Unsurprisingly, some of the kids try to take over and others are forced into hero roles. And then we add in the superpowers. I know, I know. It sounds weird. And you’re thinking, okay Lord of the Flies meets X-Men. Actually, you’re not too far off, except for losing the whole Xavier-morality part. Think Magneto alone. (Yes, yes, I know. My nerd is showing.) But, damn, the books are addictive!

Across the series, the kids face different trials. Namely: Hunger, Lies, Plague, and Fear, which coincidently are the names of books two through four. In the final installment, all the battles come full circle and the kids face the truth of the kind of people they are. And the kind of people they want to be. At the end, they know they are not children. They haven’t been since the adults disappeared.

So if you’re looking to get lost, try the Gone series. You won’t be disappointed. I sure wasn’t. 🙂

Books I Love

Diagnosing Great Books: What Makes a Book Stay With You

So, I was thinking about books the other day and my absolute love of them. Now I have been a huge reader since, well, since Dr. Seuss. But there is that turning point in a readers life when books literally change the way you look at them and the expectations you have for them.

I think that may be why I struggle at times to find a ‘good’ book, never mind a ‘great’ book. I’ve read some incredible ones and it’s difficult then to be okay with a book that’s, well, okay.

So I was trying to pin point those critical books. You know, the ones that made you realize that books could do more than just help you pass the time. Two came immediately to mind, both published back in 1990 when I was a junior in high school. (I will spare you the sad description of crimped hair, purple eye shadow, and white fringed books. Oops, sorry about that.)

Anyway, when I wasn’t holding my breath through a halo of Aqua Net or wistfully sighing over Matt Rosen (name changed to protect me), I was reading incessantly. Yup, a real social animal was I. But I digress. The two books that radically changed my expectations are The Eight by Catherine Neville and Jurassic Park by Michael Crichton.

Jurassic Park is familiar, of course, to one and all. Scientists re-create dinosaurs on an island and unsurprisingly, the dinosaurs break loose, trying to kill everyone on said island. But it’s not just the adventure that pulled me into the story. It was the science. It sounded so possible, providing that ‘what if’ factor. Since then, I have loved books that use science or history to pull us into a ‘what if’ adventure. It stretches your mind and opens your eyes to the possibilities. How can you not love that?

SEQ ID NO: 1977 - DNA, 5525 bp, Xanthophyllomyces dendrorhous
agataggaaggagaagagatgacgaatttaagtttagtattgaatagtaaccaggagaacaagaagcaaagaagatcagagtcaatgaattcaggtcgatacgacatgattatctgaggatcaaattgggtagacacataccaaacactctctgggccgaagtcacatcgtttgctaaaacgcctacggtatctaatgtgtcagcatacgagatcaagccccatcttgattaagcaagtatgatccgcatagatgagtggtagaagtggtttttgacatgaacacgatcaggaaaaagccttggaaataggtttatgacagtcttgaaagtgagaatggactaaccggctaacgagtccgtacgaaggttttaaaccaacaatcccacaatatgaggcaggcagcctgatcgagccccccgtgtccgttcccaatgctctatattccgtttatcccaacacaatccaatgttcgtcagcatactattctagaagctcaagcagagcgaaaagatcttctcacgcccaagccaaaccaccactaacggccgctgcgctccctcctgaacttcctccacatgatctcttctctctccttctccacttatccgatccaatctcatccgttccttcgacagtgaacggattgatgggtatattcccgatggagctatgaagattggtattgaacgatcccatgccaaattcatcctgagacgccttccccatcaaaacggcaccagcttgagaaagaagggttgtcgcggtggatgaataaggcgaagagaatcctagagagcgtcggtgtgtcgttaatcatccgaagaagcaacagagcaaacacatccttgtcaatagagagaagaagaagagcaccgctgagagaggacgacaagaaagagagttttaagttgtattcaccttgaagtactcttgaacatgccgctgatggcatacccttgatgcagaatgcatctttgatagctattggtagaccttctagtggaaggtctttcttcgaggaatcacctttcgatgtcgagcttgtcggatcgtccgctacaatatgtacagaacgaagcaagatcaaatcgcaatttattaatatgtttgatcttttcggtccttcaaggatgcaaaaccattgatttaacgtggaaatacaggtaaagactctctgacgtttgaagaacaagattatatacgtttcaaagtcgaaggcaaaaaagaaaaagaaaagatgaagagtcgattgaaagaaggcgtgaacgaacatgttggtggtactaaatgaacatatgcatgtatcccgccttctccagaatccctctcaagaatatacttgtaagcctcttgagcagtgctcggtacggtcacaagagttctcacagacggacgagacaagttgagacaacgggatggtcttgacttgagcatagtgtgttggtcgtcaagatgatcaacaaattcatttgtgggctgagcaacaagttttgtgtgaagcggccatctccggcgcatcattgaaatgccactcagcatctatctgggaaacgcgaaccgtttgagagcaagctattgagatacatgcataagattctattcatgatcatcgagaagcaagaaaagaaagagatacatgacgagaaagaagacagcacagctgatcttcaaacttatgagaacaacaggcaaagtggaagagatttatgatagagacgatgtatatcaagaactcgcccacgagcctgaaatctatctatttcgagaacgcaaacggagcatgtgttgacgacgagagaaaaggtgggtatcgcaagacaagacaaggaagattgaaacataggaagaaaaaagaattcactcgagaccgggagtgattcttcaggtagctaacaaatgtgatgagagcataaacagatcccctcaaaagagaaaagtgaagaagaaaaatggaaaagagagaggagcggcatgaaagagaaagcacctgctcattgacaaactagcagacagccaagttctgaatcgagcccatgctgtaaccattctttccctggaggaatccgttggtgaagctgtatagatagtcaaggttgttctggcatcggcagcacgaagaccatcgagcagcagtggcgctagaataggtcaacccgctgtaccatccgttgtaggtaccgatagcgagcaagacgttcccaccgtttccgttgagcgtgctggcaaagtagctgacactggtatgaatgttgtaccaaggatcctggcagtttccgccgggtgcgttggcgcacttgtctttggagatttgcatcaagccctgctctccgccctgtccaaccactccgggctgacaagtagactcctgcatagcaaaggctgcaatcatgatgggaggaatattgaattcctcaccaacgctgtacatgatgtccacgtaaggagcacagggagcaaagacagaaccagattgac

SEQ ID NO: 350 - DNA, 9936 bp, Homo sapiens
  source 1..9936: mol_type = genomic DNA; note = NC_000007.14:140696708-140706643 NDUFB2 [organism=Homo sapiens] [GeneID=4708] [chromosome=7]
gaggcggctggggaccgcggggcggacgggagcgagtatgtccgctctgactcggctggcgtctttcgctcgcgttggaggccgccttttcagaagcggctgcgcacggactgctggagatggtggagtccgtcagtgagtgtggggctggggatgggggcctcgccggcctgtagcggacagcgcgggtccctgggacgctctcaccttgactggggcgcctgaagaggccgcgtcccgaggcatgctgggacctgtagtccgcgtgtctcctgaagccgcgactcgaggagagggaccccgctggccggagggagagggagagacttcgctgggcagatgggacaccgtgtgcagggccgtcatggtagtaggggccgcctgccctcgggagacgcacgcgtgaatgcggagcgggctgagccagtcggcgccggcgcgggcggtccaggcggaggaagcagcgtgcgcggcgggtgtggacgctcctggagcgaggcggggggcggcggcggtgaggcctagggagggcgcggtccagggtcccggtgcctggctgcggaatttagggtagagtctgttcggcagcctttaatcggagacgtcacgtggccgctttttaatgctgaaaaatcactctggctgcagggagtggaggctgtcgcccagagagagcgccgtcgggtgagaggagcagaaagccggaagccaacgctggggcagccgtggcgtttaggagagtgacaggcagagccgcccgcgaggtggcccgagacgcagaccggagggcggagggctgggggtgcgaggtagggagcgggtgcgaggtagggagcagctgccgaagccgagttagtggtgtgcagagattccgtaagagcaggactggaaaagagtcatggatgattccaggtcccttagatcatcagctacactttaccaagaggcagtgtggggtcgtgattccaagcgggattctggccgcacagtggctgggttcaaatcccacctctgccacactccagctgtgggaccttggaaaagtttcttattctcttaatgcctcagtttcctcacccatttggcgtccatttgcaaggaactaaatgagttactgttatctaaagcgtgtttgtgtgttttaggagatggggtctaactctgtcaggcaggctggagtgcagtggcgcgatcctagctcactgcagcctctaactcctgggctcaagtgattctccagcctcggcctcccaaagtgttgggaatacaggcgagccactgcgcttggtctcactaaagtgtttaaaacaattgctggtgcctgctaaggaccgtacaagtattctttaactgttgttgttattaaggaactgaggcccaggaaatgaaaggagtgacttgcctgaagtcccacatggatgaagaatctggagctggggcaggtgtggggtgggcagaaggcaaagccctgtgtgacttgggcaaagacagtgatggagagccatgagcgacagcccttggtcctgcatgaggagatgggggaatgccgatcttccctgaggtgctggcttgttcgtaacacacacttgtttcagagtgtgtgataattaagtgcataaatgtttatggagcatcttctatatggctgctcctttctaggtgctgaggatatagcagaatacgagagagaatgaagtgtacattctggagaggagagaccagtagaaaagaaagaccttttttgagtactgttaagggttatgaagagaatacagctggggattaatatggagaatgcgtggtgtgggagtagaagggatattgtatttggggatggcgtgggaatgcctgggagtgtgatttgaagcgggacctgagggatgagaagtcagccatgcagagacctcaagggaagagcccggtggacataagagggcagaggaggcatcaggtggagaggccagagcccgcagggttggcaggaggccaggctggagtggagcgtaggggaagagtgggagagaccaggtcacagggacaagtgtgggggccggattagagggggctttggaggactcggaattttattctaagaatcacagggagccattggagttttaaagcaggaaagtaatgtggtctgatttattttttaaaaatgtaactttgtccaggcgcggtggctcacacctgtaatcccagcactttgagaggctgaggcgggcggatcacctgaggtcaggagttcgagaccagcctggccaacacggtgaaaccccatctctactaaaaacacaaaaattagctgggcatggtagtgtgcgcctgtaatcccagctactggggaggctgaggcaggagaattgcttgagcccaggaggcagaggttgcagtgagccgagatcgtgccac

The Eight is probably not as well known, although it was an international bestseller. Ostensibly, The Eight is about a search for a chess set that spans almost two hundred years. But it is a much more complicated, and rich narrative than that. You feel for the characters and each twist and turn, leaves you wanting more. It was that very complexity that created my second expectation for great books.

So, now for a book to be ‘great’ in my mind, it must have that complexity and the ‘what if’ factor. James Rollins usually meets the criteria, as does Carol O’Connell and J.D. Robb. Oh, and of course, Michael Grant’s Gone series. What about you? What or who makes a book ‘great’ in your mind?

Books I Love

YA Books: Not just for kids anymore

Let’s face it. Since the release of the Harry Potter, Twilight and Hunger Games series, young adult books are not just for the young any more.

What? You haven’t read Hunger Games yet? Not even the first one? Okay. Stop reading and step away from the computer. Go immediately to your bookstore or e-book distributor, download or buy Hunger Games. Read it. I’ll wait . . . .

Thanks for rejoining us to our blog already in progress. So where was I? Oh right. YA books. I know the idea for me was not at first appealing. All I could remember were the schmaltzy teen romances from my day. But that’s not what YA is anymore.

In the publishing world, the YA market is literally exploding. Twilight demonstrated this huge group hungry for books and the publishing world has responded. Think great thrillers without the sex. (well, usually.)

One great read is the Gone series by Michael Grant. The series tells the story about a town where all the adults above the age of fifteen disappear one day and a weird force field surrounds the town, keeping them in. Half the kids have some form of mutant powers and half do not. It becomes a modern day Lord of the flies. Absolutely addicting!

A second series to check out is by Dan Wells. The first book is called Partials, the second Fragments. The stories are set after disease and war with Partials has wiped out all but 35,000 people from the planet. Partials, incredibly powerful bio-synthetic humans, are at war with the remaining humans. And all human babies born die within days of birth from a disease called RM. A young woman, Kira Walker, is looking for a cure and along the way finds an ally in a Partial. Together, they are attacked by both sides as they struggle to save humanity.

So when you’re desperate for a new book, take a little stroll through the YA aisles. I have and I’ve found some gems. Maybe you’ll discover your own riches!